Today, Ruth Marcus suggested that President Obama have a lecture series to explain to the American people that these entitlements are unaffordable. She also suggested that he offer his podium to dissenters, like Republican Congressman Paul Ryan who wants to privatize both Medicare and Social Security.

The question that millions are asking is does Marcus envision that President Obama would allow dissenters who oppose its austerity vision, or does she want him to be as one-sided as the Post? For example, should President Obama give his podium to someone who would show that there would be no budget problem if per person health care costs were the same in the United States as in any other wealthy country? Should podium users be allowed to point out that Medicare could save trillions over its 75-year planning period by just giving people the option to get care from countries with more efficient health care systems? Will the public be exposed to the idea that we could save trillions of dollars over the next decade by adopting a more efficient mechanism for developing prescription drugs.

It would be great if President Obama used his platform to educate the public about major economic issues. Unfortunately, I think that Ms. Marcus's intention was that this platform only be used to highlight Post approved views.

 
European Economic Growth: Can We Make Reporters Multiply by 4? Print
Saturday, 13 November 2010 08:07

In the United States economic growth numbers are almost always presented as annual rates. In Europe and much of the rest of the world they are typically presented as quarterly rates. This means that if a reporter simply presents the official rate from a government agency, as the Post did in an article on the debt crises in Ireland and Portugal, they will be giving readers a quarterly growth rate. This will likely leave a large portion of the paper's readers confused as to actual growth rate.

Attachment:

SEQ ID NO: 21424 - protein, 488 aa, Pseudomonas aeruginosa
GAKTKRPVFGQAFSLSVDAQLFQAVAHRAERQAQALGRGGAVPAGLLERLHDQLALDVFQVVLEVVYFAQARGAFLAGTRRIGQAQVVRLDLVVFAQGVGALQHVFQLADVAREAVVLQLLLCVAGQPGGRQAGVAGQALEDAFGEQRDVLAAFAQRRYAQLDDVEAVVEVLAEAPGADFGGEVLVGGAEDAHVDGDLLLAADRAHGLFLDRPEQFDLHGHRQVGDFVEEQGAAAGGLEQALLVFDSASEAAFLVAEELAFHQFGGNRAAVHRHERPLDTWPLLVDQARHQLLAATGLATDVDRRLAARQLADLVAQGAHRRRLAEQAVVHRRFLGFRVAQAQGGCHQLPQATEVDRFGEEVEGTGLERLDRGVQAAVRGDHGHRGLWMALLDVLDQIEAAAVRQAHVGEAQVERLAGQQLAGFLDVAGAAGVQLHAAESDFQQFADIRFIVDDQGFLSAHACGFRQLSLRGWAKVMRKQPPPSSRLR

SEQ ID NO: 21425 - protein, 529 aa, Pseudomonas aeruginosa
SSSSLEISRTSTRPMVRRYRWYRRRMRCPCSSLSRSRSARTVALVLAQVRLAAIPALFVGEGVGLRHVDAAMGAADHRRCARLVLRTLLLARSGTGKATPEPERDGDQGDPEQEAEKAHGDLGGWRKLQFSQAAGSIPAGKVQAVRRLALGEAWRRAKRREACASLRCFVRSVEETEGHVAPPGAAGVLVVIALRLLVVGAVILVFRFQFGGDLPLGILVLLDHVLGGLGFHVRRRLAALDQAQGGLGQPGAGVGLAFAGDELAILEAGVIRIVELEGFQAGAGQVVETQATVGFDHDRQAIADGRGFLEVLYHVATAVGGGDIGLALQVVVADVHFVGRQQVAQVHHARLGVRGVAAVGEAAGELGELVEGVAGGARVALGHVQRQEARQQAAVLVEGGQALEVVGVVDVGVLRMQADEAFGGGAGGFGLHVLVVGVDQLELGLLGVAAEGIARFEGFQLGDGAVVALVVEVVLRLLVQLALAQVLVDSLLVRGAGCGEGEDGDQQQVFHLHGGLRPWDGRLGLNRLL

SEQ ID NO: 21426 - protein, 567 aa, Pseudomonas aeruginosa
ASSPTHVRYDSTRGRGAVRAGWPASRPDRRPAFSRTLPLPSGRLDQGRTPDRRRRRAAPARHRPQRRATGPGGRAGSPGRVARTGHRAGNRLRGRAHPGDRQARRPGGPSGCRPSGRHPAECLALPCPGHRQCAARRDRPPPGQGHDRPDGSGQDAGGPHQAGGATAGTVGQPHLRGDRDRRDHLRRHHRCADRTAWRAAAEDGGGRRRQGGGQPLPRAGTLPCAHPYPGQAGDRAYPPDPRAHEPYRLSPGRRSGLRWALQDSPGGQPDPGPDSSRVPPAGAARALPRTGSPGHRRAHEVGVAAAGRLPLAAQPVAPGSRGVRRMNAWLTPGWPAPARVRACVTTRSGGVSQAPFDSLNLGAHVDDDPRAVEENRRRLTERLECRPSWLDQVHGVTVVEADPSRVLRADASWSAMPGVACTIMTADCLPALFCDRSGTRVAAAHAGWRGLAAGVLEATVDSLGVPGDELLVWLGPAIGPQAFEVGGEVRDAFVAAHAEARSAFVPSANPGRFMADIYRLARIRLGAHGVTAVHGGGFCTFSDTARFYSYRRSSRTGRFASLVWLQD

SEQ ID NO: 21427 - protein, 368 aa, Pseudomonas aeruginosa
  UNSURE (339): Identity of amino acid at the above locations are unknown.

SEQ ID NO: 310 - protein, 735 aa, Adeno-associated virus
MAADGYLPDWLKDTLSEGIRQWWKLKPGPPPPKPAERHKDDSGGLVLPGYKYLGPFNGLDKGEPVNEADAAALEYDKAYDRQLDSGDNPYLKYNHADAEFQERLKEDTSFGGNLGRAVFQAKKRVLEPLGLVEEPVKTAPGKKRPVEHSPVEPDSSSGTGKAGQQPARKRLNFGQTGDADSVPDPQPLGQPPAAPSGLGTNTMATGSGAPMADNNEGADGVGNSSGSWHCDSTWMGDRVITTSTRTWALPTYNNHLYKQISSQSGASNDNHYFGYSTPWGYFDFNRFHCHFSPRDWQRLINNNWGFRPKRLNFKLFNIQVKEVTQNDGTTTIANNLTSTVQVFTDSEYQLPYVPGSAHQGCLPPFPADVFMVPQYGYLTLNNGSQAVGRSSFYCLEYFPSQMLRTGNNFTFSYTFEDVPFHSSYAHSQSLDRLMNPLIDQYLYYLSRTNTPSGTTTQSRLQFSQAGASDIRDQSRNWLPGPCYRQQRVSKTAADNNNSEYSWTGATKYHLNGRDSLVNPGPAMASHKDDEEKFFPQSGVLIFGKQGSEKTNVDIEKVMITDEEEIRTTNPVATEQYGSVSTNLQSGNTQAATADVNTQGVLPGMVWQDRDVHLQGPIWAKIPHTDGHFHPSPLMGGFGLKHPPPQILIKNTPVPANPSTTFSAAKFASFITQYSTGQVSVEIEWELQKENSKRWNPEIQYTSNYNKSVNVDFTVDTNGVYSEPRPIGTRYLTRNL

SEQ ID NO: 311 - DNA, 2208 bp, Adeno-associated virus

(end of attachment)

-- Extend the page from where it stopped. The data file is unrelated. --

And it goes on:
It is a very simple matter to convert a quarterly growth rate into an annual rate. The proper way is to take the 1 plus the growth rate to the fourth power, an operation that could be done in far less than a second by almost any calculator produced in the last 15 years. However, for small numbers, like the 0.4 percent growth figure reported for the euro zone last quarter, it is just fine to multiply the quarterly rate by 4 to get a 1.6 percent annual rate.

 
The Impact of Expiring Tax Cuts: Can We Get Names? Print
Saturday, 13 November 2010 07:50

The Post told us about the prospect that the Bush tax cuts would expire in January:

"The stakes are enormous. Millions of taxpayers could see hundreds of dollars sliced from their paychecks in January unless Congress acts. Economists say expiration of the tax cuts would deal a devastating blow to the fragile U.S. economy, and has the potential to push it back into recession."

There can be little doubt that the impact of pulling money out of the economy at this point will be negative, and given that the economy is scraping against zero growth already, it would not take much to throw it into another recession. But it might be a bit much to describe this as a "devastating blow." The expiration of the Make Work Pay tax credit and other parts of the stimulus will also pull money out of people's pockets and slow growth. The Post has never issued similar warnings about this prospect.

It would have been appropriate to refer to actual statements of specific economists rather than present overblown adjectives as being the considered judgment of the economics profession. In the same vein the article later describes the $4 trillion cost of continuing all the credits for a decade as a "budget buster." This assessment should come from a participant in the debate, not the newspaper.

 
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About Beat the Press

Dean Baker is co-director of the Center for Economic and Policy Research in Washington, D.C. He is the author of several books, his latest being The End of Loser Liberalism: Making Markets Progressive. Read more about Dean.